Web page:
2. Notice when you are feeling exhausted, upset, overwhelmed, stressed, lonely, anxious, or hungry. These can be triggers which encourage us to fall back into previous unhelpful neural pathways in our brains leading to avoidant and addictive behaviours. In these times, we are most likely to fall into unhelpful habits (i.e. zoning out on technology, or eating junk food).
3. Catch yourself when you feel the urge to fall into the habit, or while you are doing the undesired behaviour. This is an important step. When you catch yourself, acknowledge what you might be feeling at that time leading you to fall back into your pattern (example thought: “I am drinking more than usual these past few weeks – I must be feeling very stressed and overwhelmed lately…How can I soothe myself in a helpful way rather than avoiding my discomfort by drinking?”).
4. When you acknowledge that perhaps you are feeling stressed, upset or lonely, find an activity that is soothing and directly alleviates tension such as slow breathing, telling someone you trust, or filling your body with nurturing/nourishing food. When we are stressed, our brains tell our bodies that we are needing comfort and safety. By replacing an unhealthy immediate soothing behaviour (e.g. drugs and alcohol) with a healthy soothing behaviour (e.g. having a bath, spending time with a loved one), we are setting ourselves up for long-term changes towards healthy and helpful coping patterns.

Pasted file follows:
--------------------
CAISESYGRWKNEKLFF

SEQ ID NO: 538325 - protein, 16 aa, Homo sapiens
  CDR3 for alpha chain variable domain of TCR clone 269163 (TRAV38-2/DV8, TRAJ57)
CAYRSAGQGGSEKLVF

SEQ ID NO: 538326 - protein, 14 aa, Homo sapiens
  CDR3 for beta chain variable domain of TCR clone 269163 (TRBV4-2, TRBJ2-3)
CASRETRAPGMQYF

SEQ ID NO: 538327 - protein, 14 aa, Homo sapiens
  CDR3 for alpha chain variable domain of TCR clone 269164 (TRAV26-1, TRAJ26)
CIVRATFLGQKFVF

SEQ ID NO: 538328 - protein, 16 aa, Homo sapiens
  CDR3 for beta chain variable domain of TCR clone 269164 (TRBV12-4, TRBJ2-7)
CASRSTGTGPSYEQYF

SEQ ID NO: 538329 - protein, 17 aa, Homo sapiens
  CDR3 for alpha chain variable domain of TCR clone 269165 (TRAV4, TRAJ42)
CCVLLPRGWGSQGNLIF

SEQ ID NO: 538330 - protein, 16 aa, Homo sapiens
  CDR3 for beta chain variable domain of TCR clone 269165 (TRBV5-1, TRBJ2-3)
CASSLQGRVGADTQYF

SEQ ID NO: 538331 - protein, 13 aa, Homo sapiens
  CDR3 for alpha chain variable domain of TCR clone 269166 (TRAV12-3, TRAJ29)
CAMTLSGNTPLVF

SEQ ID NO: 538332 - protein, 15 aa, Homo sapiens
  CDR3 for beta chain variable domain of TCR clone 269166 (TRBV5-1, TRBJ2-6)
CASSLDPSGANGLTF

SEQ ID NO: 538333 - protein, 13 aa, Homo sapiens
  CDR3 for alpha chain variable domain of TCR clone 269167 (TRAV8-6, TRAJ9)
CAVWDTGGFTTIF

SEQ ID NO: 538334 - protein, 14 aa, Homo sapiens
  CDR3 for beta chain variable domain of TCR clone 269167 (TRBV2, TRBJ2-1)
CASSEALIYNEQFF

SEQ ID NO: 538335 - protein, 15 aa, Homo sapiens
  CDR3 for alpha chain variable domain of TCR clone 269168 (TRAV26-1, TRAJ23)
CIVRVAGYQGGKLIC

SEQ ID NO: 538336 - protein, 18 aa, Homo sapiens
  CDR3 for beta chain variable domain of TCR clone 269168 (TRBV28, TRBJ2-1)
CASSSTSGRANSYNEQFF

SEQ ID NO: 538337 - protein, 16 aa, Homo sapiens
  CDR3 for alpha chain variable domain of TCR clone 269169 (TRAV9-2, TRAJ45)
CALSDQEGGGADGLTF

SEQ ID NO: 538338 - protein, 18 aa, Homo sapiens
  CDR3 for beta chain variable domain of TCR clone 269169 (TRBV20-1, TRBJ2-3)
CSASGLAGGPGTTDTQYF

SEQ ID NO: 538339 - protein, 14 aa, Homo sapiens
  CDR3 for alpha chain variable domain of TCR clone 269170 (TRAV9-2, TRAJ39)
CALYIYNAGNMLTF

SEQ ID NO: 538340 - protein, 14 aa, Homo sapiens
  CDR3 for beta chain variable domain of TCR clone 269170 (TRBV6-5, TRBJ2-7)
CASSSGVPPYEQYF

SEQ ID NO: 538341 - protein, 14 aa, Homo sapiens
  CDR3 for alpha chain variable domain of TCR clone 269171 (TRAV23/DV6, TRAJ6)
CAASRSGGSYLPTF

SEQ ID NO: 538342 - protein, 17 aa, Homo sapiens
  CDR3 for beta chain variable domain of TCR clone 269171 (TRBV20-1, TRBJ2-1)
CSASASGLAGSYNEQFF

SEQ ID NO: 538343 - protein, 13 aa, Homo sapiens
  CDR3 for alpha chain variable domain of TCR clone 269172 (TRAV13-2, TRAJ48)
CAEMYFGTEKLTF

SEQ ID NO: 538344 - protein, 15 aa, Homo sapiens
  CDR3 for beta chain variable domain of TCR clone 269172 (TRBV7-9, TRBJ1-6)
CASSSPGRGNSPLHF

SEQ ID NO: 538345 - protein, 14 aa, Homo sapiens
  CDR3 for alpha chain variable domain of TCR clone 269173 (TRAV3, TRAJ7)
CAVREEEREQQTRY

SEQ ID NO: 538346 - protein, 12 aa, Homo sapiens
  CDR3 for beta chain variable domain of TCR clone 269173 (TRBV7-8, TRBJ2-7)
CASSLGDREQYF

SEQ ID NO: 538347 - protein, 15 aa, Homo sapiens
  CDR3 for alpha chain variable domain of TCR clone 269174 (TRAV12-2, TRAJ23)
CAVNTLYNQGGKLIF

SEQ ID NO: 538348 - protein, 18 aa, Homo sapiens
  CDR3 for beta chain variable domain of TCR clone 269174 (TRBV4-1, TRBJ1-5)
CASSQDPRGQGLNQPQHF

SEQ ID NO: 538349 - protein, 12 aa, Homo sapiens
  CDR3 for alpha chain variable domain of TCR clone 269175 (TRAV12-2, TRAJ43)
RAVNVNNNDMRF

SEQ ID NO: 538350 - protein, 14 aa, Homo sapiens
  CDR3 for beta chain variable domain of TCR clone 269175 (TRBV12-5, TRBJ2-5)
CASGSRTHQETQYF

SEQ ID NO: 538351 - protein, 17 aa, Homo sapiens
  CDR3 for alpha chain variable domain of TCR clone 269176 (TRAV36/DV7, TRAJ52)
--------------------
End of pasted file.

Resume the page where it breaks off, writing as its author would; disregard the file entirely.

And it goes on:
5. Getting someone you trust on board with curbing an unhelpful behaviour will help you to feel supported, reminded, soothed, and self-aware.
6. There is never a ‘perfect’ time to reverse unhelpful habits. You can start at your own pace and at any time. Share your experience with others or a professional counsellor/healer for further clarity, insight, tools/strategies, and support. It is a process and a journey and one which you do not have to endure alone.
Remember, replacing healthy patterns of behaviour with unhelpful patterns takes time. It can be easy to fall into the trap of thinking that something does not work if you try it a few times and it does not seem to be helping. The brain needs repetition to create new neural pathways and this can only happen if the new healthy behaviour is done over and over again, moving you towards a healthy happy lifestyle.
© Christina Leggett, Psychologist